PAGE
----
• Amblyopia (Lazy eyes)

    Amblyopia is a neuro-developmental condition in which vision does not develop adequately in one eye. Amblyopia may be caused by any condition that affects normal visual development or use of the eyes including an eye turn, uncorrected refractive error, or ocular pathology which blocks light from reaching the retina such as a cataract. In each of these cases, the brain chooses to ignore the image produced by the affected eye (known as suppression), which inhibits the growth and development of the nerve fibers of the affected eye. Most children adapt well to seeing through one eye, so many parents are unaware that the child has a problem and the condition often goes undiagnosed. All children are recommended to have a thorough eye examination before they start school.

  • Astigmatism

    Astigmatism is a condition in which the shape of the cornea – the clear window at the front of the eye – is unequal in different directions. A useful analogy is to compare the shape of a soccer ball with a rugby or AFL ball. A soccer ball is spherical in shape with equal curvatures in all meridians. The surface of a rugby or AFL ball on the other hand, has different curvatures in the horizontal and vertical meridians i.e. the horizontal meridian is flatter, whilst the vertical meridian is steeper. The shape of a normal cornea typically resembles the shape of a soccer ball whereas an astigmatic cornea can be likened to the shape of a rugby or AFL ball. Symptoms of astigmatism include headaches, fatigue, eyestrain, as well as distorted or blurred vision.

  • Blepharitis

    Blepharitis is a common condition that causes inflammation of the eyelids. Blepharitis is often associated with overgrowth of bacteria or a parasite known as demodex on the eyelashes or eyelid margins. Blepharitis can affect people of all ages and is often associated with certain skin conditions including acne, rosacea and seborrheic dermatitis. Common signs and symptoms of blepharitis include chronic irritation, redness of the eyelid margins and crusting of the eyelashes (particularly in the morning).

  • Cataract

    Cataract is a condition which causes clouding of the clear lens in the eye and is one of the leading causes of vision impairment. Cataracts can be congenital yet more commonly occur with age as the focusing lens in the eye becomes progressively less clear, disrupting the flow of light through the eye and onto the retina. Cataracts are generally slowly progressive but certain types of cataracts can progress more quickly. Common symptoms of cataract include blurred vision, sensitivity to glare and distorted or double vision.

  • Colour vision deficiencies (CVD)

    Colour vision deficiencies (CVD) (sometimes called colour blindness) represent a group of conditions that affect the perception of colour. Red-green colour vision defects are the most common form of colour vision deficiency.

    CVDs are almost always inherited in an X-linked recessive pattern, although they can be acquired as a result of particular diseases and injuries. Males are affected by X-linked recessive disorders much more frequently than females since males have only one X chromosome and females have two, both X chromosomes on a female would have to have a genetic change in order to cause the disorder.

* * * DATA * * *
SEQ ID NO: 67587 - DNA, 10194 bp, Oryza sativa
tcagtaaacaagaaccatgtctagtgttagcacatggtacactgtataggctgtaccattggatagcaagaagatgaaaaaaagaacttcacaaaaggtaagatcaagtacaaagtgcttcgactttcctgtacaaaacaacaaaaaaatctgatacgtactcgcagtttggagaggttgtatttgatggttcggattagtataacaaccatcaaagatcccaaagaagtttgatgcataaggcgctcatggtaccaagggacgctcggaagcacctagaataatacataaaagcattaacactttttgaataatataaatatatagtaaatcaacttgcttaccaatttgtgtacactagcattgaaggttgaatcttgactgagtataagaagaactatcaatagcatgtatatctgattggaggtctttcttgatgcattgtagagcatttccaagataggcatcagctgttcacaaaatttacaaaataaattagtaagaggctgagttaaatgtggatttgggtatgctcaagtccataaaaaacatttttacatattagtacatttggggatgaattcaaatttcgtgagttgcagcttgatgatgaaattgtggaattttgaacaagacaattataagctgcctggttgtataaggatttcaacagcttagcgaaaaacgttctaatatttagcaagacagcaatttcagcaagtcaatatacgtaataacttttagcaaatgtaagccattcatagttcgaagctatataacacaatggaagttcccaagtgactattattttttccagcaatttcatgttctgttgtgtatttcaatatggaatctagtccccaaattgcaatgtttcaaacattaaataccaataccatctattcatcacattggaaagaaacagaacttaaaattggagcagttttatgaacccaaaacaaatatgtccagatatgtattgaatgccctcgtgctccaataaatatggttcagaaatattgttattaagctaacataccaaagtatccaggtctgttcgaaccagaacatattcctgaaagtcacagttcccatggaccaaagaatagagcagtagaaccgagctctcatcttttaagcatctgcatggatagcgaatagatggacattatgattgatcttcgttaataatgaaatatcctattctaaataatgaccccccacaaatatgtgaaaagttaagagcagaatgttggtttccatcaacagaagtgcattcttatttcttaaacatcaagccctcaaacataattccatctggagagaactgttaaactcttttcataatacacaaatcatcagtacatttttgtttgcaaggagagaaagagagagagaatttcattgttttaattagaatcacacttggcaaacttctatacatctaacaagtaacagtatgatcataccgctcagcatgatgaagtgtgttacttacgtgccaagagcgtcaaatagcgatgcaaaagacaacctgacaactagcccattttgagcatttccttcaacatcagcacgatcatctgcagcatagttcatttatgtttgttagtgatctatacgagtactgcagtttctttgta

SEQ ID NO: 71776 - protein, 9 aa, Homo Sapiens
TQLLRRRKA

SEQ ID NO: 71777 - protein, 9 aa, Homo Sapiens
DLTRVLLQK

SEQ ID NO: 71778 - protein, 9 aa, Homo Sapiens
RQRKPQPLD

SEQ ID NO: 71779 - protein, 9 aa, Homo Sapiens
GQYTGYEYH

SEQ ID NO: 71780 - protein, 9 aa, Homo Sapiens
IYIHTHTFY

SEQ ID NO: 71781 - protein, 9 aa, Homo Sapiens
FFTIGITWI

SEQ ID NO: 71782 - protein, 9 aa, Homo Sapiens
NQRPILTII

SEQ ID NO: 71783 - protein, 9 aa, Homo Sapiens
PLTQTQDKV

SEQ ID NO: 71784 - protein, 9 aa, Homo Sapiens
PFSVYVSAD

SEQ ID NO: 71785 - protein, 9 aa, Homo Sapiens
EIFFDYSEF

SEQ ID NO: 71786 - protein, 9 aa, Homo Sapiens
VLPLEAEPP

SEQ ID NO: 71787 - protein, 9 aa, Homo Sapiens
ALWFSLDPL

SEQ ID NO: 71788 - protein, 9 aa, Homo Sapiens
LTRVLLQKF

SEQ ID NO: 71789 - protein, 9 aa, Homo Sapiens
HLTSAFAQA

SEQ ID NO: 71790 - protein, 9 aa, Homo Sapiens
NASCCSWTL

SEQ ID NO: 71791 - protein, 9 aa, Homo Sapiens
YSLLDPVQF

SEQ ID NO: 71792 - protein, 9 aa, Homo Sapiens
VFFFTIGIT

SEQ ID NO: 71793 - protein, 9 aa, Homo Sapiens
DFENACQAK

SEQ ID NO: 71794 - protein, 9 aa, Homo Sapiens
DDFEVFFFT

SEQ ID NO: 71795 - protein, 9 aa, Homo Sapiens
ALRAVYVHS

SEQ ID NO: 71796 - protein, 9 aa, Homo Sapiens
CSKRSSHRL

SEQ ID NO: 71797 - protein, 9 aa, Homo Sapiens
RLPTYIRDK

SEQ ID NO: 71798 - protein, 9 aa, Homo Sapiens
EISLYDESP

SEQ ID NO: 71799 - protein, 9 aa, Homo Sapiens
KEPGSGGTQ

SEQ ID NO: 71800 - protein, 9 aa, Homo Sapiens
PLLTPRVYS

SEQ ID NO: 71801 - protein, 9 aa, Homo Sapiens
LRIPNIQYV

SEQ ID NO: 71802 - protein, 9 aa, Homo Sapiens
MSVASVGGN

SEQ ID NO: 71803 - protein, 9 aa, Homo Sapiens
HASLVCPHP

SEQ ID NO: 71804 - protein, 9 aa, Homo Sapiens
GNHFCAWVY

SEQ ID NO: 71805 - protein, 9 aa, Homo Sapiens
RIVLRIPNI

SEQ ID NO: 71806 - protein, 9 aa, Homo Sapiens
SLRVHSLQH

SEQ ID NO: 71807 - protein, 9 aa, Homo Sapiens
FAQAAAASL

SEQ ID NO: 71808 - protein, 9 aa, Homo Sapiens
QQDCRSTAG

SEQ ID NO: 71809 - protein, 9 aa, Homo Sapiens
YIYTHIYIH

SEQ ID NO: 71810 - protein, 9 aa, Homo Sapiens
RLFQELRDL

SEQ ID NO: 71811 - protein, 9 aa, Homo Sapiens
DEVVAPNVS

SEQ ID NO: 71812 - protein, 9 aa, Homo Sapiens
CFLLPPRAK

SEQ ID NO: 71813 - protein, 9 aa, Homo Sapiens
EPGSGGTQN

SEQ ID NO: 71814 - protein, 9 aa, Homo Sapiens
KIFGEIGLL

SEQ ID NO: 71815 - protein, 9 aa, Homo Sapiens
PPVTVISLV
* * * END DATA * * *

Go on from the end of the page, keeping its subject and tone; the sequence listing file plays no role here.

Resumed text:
Males inherit their X chromosome from their mother and their Y chromosome from their father. Therefore, if a mother is a carrier of a CVD on one of her two X chromosomes, her son has a 50/50 chance of inheriting a CVD. Since females have two X chromosomes, one from the mother and one from the father they have less of a chance of being affected. About 8% (1 in 12) of males and 0.5% (1 in 200) of females have CVDs.

    CVDs affect the ability to discriminate between certain colours such as red and green. A person with a CVD will try to discriminate colour differences by using other cues such as brightness differences. CVDs often do not impair quality of life but can affect career choices where colour discrimination is important for safety reasons.

  • Diabetic retinopathy

    Diabetic retinopathy is a complication of diabetes where the tiny blood vessels in the retina at the back of the eye become damaged and begin to leak blood and other fluids, which can lead to vision loss.

    Most people, who have suffered from diabetes for over 20 years, will have some degree of retinopathy (nearly all patients with Type 1 diabetes and 58% of patients with Type 2 diabetes).

    Early signs of diabetic retinopathy include small haemorrhages and microaneurysms appearing in the retina. In later stages, excessive microvascular leakage can cause swelling at the macular (the region of the retina responsible for all detailed central vision).

    Symptoms of diabetic retinopathy include blur or loss of vision. For diabetics, strict control of blood sugar levels is essential in preventing the progression of diabetic retinopathy.

    At Charlestown Eyecare we utilise Digital Retinal Imaging (DRI) and Optical Coherence Tomography (OCT) to detect diabetic retinopathy. Digital retinal imaging photographs the surface of the retina looking for signs of haemorrhages, lipid exudates or micro-aneurysms. OCT is a non-invasive imaging test, which uses light waves to take cross-sectional images of the retina. OCT allows the optometrist to see each of the retina’s distinctive layers allowing them to detect leaking blood or fluid beneath the surface of the retina.

    i Hietala K, Harjutsalo V, Forsblom C, Summanen P, Groop PH; FinnDiane Study Group. Age at onset and the risk of proliferative retinopathy in type 1 diabetes. Diabetes Care. 2010;33(6):1315–1319. doi:10.2337/dc09-2278